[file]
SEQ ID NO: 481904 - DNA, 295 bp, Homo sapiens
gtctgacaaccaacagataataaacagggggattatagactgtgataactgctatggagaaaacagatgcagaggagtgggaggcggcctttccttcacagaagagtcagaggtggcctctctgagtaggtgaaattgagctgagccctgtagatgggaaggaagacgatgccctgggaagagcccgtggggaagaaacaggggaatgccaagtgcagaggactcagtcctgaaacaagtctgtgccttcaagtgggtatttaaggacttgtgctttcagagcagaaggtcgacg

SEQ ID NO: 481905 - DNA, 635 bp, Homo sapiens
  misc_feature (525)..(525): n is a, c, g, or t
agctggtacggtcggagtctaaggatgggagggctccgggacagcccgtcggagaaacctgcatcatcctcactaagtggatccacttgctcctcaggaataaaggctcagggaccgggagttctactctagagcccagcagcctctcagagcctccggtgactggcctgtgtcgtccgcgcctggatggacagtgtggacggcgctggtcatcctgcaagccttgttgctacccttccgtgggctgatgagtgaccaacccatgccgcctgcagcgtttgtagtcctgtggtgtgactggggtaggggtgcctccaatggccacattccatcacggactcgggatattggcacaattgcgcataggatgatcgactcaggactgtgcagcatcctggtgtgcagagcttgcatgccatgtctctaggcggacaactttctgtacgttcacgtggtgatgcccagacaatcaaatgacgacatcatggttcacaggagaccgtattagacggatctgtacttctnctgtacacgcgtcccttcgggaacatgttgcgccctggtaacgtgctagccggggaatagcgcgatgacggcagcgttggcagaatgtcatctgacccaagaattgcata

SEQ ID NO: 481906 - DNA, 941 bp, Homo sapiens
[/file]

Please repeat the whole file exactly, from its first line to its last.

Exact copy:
SEQ ID NO: 481904 - DNA, 295 bp, Homo sapiens
gtctgacaaccaacagataataaacagggggattatagactgtgataactgctatggagaaaacagatgcagaggagtgggaggcggcctttccttcacagaagagtcagaggtggcctctctgagtaggtgaaattgagctgagccctgtagatgggaaggaagacgatgccctgggaagagcccgtggggaagaaacaggggaatgccaagtgcagaggactcagtcctgaaacaagtctgtgccttcaagtgggtatttaaggacttgtgctttcagagcagaaggtcgacg

SEQ ID NO: 481905 - DNA, 635 bp, Homo sapiens
  misc_feature (525)..(525): n is a, c, g, or t
agctggtacggtcggagtctaaggatgggagggctccgggacagcccgtcggagaaacctgcatcatcctcactaagtggatccacttgctcctcaggaataaaggctcagggaccgggagttctactctagagcccagcagcctctcagagcctccggtgactggcctgtgtcgtccgcgcctggatggacagtgtggacggcgctggtcatcctgcaagccttgttgctacccttccgtgggctgatgagtgaccaacccatgccgcctgcagcgtttgtagtcctgtggtgtgactggggtaggggtgcctccaatggccacattccatcacggactcgggatattggcacaattgcgcataggatgatcgactcaggactgtgcagcatcctggtgtgcagagcttgcatgccatgtctctaggcggacaactttctgtacgttcacgtggtgatgcccagacaatcaaatgacgacatcatggttcacaggagaccgtattagacggatctgtacttctnctgtacacgcgtcccttcgggaacatgttgcgccctggtaacgtgctagccggggaatagcgcgatgacggcagcgttggcagaatgtcatctgacccaagaattgcata

SEQ ID NO: 481906 - DNA, 941 bp, Homo sapiens